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Thread: Advice re Badger photography project - Now with sample photos...

  1. #1
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    I would like some advice about where to go now with my plan to take photos of my resident badgers.

    I will post some more pics top this thread later on when I upload the last 2 nights efforts

    At the moment I am having to take shots through my double glazing with a flashgun off camera to avoid reflections in the glass.

    I appreciate this is far from ideal but they are such timid animals that any noise spooks them and they run away. It has taken me 2 years of feeding and slowly indroducing lighting to them to be tolerant of the flashgun.

    I am hoping with the summer months ( big LOL at the moment) I will be able to get outside in a makeshift hide with them to avoid the glass

    I have 3 problems that I need help with really

    1. Is lighting - they tolerate the flash now but obviously being nocturnal beasties you cannot take photos of them during lovely golden twilight, I would appreaciate advice of how best to light them other than the flashgun - gels? I don't know - The step is covered in soalr garden lamps but these provide little in the way of decent lighting

    2. Background - I would love a better background than our decking covered in peanuts - One Idea I had was to get some lastolite http://www.warehouseexpress.com/stud...kgrounds/b3100 and pput this on and over the decking to provide either a completely black or , more likely a completely white backdrop and floor to take a shot on - do you think this would work? is the paper thick enough not to tear? I kinda like the idea of a shot against a totally white background - are there issues with doing this and lighting?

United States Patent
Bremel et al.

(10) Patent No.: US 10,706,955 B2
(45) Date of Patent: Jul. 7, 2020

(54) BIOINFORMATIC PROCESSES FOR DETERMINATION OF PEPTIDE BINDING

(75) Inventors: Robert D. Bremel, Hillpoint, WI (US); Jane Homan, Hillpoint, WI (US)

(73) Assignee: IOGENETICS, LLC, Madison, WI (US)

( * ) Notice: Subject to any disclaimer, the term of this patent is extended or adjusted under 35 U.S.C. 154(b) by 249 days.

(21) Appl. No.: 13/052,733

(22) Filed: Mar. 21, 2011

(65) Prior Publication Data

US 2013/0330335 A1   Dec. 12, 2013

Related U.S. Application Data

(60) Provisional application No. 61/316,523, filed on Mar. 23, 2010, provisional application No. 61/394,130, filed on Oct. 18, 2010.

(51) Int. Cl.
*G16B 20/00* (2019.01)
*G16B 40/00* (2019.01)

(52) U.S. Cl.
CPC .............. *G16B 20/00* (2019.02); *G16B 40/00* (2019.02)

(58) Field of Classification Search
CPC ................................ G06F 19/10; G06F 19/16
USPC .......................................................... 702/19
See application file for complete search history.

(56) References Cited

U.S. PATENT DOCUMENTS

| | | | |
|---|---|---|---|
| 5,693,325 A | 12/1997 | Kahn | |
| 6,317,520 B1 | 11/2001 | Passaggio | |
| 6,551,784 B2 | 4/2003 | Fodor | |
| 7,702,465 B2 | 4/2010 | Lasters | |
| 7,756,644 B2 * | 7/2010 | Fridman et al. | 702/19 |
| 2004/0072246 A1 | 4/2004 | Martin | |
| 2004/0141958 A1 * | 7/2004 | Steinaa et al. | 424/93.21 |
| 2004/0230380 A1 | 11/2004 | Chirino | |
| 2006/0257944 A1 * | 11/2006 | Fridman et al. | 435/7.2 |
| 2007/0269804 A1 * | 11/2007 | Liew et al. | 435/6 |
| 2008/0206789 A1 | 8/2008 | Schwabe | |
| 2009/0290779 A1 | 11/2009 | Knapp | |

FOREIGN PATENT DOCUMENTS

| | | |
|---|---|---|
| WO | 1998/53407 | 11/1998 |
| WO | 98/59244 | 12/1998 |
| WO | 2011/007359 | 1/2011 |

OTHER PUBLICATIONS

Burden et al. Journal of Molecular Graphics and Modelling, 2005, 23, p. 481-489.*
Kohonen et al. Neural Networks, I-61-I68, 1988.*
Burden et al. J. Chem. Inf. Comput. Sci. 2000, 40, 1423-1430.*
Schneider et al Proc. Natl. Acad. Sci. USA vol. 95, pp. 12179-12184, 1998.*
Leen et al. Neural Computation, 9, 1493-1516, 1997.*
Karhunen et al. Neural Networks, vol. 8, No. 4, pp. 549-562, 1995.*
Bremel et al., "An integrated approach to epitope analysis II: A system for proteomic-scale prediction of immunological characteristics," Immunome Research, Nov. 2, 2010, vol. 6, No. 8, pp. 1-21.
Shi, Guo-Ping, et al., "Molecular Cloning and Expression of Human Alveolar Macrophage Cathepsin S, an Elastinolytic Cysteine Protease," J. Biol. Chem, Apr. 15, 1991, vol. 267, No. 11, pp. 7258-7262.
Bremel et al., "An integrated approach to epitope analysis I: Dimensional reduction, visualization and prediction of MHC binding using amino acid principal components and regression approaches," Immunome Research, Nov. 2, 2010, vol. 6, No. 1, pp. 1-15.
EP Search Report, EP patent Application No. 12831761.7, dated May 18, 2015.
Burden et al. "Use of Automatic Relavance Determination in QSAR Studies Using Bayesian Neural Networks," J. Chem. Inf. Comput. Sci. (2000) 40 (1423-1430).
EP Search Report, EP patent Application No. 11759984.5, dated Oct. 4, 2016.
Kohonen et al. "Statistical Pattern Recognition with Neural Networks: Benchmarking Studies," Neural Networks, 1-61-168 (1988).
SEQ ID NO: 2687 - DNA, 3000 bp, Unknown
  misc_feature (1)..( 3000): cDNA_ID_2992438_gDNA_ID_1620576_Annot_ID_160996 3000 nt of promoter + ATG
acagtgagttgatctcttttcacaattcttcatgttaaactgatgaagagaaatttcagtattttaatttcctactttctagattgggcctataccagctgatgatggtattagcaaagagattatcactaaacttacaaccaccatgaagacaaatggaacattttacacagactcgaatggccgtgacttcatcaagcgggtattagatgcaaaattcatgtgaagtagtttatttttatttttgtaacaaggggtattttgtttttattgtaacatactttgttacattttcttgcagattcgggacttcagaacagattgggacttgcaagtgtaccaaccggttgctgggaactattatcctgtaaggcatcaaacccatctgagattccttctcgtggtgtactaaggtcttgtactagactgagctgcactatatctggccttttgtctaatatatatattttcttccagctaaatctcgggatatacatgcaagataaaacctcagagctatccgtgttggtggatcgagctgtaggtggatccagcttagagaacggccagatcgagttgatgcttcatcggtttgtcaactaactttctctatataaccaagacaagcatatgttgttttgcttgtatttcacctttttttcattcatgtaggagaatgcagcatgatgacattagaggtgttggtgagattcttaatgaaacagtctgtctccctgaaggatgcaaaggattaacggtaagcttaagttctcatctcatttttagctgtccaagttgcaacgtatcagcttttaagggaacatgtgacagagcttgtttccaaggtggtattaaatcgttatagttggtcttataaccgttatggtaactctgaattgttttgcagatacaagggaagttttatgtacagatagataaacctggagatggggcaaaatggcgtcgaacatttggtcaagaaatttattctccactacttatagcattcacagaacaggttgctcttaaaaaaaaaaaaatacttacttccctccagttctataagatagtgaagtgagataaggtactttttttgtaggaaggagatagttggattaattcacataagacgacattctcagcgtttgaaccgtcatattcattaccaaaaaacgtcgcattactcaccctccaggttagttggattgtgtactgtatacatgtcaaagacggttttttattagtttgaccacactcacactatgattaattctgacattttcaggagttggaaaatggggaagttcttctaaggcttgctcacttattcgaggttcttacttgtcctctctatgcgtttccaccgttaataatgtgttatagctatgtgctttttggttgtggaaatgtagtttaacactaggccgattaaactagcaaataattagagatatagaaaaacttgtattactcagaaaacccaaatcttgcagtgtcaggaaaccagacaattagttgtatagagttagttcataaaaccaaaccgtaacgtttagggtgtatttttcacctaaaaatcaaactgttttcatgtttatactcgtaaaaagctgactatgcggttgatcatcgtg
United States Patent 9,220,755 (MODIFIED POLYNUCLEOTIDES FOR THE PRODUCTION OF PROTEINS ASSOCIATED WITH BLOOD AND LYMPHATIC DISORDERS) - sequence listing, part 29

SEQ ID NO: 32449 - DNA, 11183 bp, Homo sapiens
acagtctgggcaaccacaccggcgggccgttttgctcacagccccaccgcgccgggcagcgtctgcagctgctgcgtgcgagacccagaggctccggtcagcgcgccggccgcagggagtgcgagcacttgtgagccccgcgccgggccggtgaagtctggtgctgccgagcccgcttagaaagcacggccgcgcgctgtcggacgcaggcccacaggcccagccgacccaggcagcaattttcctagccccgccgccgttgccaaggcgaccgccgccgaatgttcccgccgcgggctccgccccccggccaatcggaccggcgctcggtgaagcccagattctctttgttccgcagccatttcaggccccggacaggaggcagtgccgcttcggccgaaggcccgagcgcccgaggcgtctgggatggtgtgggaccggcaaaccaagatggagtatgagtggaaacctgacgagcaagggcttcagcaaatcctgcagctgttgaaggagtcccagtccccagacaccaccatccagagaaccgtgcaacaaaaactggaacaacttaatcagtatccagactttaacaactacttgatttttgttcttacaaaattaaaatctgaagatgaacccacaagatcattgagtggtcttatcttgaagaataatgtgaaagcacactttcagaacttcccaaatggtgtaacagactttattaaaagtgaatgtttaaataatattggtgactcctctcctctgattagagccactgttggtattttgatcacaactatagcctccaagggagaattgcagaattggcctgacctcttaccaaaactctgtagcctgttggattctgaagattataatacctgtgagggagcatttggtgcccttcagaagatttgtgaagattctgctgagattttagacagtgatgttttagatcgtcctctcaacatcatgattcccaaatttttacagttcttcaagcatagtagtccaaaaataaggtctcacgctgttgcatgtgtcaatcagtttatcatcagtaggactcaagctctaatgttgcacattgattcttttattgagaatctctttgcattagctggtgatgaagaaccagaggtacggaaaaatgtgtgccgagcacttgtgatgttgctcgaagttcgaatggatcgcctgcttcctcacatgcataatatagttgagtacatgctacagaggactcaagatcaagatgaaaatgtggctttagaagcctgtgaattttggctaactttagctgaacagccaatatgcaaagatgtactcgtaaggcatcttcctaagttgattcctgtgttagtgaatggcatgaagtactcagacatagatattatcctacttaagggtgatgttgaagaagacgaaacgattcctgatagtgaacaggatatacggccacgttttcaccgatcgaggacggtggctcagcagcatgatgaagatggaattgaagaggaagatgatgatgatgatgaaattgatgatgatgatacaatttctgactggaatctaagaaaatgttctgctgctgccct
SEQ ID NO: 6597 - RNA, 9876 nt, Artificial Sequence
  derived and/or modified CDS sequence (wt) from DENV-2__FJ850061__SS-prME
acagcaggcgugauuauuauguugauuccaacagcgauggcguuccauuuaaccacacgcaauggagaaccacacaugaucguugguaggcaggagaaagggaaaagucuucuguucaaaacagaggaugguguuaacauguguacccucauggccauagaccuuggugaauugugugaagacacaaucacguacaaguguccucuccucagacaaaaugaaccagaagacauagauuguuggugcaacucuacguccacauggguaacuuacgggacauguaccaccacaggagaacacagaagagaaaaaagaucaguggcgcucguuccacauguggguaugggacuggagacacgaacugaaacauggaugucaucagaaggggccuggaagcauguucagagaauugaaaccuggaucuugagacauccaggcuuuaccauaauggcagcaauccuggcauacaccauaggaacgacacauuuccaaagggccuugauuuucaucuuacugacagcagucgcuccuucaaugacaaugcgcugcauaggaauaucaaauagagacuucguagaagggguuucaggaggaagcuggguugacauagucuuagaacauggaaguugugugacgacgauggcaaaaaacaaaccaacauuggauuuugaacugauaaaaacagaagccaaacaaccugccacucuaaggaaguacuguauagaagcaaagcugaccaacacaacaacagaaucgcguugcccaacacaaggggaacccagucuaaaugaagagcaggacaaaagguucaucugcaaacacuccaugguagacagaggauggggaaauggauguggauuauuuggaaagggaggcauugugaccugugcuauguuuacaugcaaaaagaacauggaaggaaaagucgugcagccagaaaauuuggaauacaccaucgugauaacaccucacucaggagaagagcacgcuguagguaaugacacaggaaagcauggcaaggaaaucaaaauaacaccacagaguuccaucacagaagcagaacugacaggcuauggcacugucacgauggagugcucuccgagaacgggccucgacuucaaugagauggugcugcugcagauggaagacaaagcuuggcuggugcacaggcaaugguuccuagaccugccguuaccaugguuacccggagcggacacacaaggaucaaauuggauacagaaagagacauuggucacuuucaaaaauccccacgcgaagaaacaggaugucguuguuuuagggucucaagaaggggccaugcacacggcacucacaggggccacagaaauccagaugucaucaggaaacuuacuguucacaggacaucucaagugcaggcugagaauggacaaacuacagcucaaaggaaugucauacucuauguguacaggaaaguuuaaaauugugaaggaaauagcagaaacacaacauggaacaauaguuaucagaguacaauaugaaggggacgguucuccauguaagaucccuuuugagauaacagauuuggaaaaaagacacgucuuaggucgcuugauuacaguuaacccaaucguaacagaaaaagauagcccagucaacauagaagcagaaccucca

3. Getting them to look up - I'll have to work this out myself most of the time they graze with nose buried in the floor - have seen people dangling peanut butter sandwiches on wires to get them to look up and stand up - so may give this a go.

    Any thoughts appreciated :D

    badgerbadgersnaaaaaake

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    Administrator Tink's Avatar
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    Re: Advice re Badger photography project

    I have no idea about any of that (there's a real surprise) I just want to see the photos! :D Looking forward to them, Doc.






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    Re: Advice re Badger photography project

    Hmmm... not sure about the backdrop or the lighting but how about setting the camera up outside on a tripod. Camouflage it a bit and then use something like this to fire it from in the house. That would avoid shooting through the glass and also get you a bit closer to the action.

    Tom (... just thinking...)

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    Re: Advice re Badger photography project

    Thanks Tom - thats a thought but there would be no way of framing the shot quite right unless I was looking through the lens at the time I think - and getting close to the action isn't an issue - last night I was 2 inches from one of their noses :D

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    Senior Member Esmeralda's Avatar
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    Re: Advice re Badger photography project

    Quote Originally Posted by Skywatcher, post: 278715
    I would like some advice about where to go now with my plan to take photos of my resident badgers

    Have you thought of beavers? There must be all kinds out there?




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    Re: Advice re Badger photography project

    Any other ideas anyone

    Anyway while we wait here are some from this week , two in the dry and 2 in the soaking rain that seems to never end during this period of 'drought'

    Pretty happy considering they are through double glazing and shot in pitch darkness but I still want better and I need to get around the double glazing issue